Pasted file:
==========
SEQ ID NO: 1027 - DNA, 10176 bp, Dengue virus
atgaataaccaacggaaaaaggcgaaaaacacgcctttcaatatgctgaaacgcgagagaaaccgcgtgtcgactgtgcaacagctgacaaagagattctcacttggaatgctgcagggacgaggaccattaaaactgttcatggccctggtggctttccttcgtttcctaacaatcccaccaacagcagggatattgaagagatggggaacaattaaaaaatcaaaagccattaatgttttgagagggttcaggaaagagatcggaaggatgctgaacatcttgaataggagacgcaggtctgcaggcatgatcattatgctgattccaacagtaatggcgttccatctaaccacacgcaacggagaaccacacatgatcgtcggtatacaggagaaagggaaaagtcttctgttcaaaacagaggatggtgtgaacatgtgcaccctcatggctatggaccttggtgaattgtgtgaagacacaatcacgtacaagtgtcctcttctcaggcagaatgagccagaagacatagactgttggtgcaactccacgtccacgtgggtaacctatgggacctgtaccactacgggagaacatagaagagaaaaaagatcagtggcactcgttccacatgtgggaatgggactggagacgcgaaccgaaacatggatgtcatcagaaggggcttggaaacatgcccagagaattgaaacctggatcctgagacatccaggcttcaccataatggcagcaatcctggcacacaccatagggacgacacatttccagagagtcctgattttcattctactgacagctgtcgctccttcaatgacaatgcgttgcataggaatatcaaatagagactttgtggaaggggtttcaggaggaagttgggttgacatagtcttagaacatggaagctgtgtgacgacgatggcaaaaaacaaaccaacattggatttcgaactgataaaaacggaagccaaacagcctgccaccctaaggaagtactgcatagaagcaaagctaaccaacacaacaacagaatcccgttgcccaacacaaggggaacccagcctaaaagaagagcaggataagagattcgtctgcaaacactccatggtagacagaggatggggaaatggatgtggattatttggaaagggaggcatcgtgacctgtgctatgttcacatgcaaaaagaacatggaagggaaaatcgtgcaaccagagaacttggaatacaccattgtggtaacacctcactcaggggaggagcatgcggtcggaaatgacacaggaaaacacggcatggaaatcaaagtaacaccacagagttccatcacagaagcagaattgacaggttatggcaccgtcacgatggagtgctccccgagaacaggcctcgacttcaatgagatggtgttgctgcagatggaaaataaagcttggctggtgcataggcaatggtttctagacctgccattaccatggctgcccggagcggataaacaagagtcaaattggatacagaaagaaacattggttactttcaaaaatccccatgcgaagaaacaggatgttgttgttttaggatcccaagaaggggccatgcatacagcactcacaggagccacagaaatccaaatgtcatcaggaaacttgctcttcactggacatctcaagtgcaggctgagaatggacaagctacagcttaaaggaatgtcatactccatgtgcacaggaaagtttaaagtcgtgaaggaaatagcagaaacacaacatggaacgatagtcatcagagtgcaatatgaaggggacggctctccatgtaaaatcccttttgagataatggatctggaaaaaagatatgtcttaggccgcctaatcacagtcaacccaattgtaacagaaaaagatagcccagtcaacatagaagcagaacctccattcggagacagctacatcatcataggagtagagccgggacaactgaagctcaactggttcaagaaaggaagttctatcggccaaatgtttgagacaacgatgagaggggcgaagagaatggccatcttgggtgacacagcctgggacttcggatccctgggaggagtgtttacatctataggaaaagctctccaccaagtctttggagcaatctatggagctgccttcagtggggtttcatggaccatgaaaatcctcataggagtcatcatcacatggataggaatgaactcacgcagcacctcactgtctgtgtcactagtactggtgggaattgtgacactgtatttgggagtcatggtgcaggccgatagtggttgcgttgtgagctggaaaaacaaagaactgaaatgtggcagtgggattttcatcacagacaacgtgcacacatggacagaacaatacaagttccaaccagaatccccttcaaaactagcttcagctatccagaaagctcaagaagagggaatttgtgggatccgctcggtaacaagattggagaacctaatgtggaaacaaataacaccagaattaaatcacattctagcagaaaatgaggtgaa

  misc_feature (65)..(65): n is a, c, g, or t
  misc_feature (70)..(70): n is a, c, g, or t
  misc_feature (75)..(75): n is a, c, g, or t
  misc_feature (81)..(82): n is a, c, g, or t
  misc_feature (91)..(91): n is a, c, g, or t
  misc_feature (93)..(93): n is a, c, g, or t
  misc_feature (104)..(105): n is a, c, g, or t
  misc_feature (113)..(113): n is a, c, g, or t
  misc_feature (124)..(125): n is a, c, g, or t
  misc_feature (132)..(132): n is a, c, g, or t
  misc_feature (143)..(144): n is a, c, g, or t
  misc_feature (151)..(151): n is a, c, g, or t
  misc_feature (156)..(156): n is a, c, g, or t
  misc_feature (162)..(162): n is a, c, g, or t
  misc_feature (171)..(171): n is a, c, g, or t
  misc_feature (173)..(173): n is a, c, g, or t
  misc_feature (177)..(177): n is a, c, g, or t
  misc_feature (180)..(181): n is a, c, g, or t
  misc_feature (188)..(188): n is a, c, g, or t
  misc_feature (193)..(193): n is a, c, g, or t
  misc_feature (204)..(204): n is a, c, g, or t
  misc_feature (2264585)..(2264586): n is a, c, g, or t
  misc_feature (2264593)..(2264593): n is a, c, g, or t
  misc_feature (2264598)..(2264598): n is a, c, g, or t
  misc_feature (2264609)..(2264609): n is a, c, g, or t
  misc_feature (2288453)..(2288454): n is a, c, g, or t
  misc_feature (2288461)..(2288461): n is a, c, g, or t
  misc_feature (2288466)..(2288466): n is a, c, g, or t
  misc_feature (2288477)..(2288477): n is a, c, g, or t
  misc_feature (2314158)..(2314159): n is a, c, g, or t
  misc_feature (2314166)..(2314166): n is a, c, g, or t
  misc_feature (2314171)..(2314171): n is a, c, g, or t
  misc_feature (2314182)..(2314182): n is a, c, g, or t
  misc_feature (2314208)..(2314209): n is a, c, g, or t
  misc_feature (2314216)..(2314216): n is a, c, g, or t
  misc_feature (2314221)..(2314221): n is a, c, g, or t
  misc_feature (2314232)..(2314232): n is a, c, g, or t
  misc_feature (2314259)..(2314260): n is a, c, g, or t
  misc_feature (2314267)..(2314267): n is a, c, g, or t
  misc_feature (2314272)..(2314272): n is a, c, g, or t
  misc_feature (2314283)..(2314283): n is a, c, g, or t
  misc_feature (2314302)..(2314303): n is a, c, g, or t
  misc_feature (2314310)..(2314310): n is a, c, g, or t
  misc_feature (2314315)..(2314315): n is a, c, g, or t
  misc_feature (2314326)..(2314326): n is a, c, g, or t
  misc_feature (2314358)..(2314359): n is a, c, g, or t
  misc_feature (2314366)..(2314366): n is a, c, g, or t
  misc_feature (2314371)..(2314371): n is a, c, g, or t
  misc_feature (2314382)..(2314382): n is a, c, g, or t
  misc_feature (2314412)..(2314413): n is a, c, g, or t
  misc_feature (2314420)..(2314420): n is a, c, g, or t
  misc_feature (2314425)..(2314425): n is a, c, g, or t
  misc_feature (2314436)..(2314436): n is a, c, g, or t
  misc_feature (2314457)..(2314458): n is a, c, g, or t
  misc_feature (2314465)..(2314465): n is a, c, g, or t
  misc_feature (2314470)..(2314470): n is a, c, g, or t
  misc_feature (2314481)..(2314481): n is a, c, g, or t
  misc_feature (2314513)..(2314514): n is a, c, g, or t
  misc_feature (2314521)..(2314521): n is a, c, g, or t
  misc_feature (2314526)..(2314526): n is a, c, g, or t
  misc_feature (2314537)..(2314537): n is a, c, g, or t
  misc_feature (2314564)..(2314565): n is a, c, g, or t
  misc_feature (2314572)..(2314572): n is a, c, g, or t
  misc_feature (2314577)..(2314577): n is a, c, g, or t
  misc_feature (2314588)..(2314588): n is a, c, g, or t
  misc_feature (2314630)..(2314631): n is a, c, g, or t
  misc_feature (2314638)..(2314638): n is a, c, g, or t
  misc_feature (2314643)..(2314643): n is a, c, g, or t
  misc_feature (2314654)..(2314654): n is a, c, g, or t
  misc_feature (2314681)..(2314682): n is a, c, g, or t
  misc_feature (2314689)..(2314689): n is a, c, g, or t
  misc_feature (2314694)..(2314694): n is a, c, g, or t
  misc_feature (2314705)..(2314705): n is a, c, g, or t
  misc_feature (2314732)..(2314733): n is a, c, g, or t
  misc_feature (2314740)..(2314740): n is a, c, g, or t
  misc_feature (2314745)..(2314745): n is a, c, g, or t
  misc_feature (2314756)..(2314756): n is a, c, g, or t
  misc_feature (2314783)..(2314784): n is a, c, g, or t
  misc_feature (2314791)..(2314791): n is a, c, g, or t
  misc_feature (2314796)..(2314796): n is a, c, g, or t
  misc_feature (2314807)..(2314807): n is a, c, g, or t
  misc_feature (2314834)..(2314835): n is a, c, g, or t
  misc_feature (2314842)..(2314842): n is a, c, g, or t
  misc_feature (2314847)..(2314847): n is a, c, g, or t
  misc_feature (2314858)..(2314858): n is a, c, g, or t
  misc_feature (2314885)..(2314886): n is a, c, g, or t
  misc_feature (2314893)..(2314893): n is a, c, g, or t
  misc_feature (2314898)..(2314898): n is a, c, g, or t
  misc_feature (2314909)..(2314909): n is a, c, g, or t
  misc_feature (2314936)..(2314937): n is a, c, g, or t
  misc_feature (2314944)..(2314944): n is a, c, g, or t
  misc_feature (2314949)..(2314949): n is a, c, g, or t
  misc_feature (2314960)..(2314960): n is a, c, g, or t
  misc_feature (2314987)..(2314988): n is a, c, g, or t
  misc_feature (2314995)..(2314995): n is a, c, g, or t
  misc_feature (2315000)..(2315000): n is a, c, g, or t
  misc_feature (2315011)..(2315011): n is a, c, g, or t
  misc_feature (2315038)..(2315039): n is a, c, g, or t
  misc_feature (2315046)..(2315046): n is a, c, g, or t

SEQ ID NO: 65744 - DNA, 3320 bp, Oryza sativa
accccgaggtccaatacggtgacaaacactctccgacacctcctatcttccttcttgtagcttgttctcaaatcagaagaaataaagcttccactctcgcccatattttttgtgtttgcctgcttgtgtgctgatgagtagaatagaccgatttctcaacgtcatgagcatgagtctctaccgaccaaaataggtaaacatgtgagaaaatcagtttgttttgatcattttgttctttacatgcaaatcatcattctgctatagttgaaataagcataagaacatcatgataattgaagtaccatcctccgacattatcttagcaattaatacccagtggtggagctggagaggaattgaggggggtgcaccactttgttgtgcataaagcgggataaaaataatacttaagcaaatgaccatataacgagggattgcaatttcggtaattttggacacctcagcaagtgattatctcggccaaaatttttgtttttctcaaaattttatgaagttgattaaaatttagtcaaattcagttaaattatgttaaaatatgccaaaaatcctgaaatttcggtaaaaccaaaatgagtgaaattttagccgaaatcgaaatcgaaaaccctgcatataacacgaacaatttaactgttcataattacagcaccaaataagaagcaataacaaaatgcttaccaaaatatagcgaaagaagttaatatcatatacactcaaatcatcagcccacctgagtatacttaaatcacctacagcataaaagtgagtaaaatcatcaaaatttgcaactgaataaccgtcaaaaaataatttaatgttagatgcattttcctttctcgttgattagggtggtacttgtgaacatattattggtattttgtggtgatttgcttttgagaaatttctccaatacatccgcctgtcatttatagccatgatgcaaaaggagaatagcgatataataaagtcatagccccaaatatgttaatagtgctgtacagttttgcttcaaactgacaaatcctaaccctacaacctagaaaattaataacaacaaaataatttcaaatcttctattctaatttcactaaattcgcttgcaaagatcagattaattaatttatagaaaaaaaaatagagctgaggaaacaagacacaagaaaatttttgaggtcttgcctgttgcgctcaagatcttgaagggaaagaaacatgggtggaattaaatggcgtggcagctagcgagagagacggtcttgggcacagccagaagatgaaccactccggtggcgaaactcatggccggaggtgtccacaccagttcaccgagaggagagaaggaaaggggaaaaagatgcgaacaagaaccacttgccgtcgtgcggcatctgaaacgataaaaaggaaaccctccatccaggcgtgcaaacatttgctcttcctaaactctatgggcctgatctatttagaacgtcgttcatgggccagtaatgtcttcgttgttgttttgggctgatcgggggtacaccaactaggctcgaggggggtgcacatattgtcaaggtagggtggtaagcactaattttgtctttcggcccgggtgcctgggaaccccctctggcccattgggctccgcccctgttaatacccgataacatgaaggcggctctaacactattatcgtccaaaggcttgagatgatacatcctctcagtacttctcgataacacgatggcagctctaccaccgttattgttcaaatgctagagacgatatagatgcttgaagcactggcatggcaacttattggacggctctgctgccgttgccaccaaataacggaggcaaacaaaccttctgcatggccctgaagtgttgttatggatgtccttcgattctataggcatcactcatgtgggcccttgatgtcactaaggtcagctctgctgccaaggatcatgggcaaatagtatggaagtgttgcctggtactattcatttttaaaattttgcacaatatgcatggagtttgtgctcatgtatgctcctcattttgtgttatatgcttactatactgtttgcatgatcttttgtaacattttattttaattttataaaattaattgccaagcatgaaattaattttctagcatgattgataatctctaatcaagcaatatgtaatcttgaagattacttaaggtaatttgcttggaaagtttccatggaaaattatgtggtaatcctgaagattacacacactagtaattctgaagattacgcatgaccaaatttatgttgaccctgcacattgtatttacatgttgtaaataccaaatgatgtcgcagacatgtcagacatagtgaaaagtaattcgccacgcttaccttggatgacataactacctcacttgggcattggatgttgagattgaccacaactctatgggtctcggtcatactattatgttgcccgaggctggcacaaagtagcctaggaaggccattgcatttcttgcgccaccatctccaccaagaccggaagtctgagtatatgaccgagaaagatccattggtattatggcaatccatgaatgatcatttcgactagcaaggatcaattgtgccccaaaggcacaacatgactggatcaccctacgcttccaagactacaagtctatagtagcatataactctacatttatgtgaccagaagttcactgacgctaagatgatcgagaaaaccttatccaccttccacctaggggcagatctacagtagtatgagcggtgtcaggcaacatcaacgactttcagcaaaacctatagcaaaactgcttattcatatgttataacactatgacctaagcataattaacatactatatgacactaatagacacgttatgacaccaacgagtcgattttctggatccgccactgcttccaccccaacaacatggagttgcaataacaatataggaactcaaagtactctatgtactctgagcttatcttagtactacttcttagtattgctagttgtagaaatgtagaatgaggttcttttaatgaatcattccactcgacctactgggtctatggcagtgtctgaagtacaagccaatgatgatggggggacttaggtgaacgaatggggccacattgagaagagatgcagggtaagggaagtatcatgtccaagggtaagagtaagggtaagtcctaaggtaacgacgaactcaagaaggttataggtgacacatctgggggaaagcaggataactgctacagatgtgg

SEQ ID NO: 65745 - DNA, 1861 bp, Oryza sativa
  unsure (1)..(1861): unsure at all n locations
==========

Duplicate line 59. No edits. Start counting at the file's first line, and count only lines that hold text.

  misc_feature (2314481)..(2314481): n is a, c, g, or t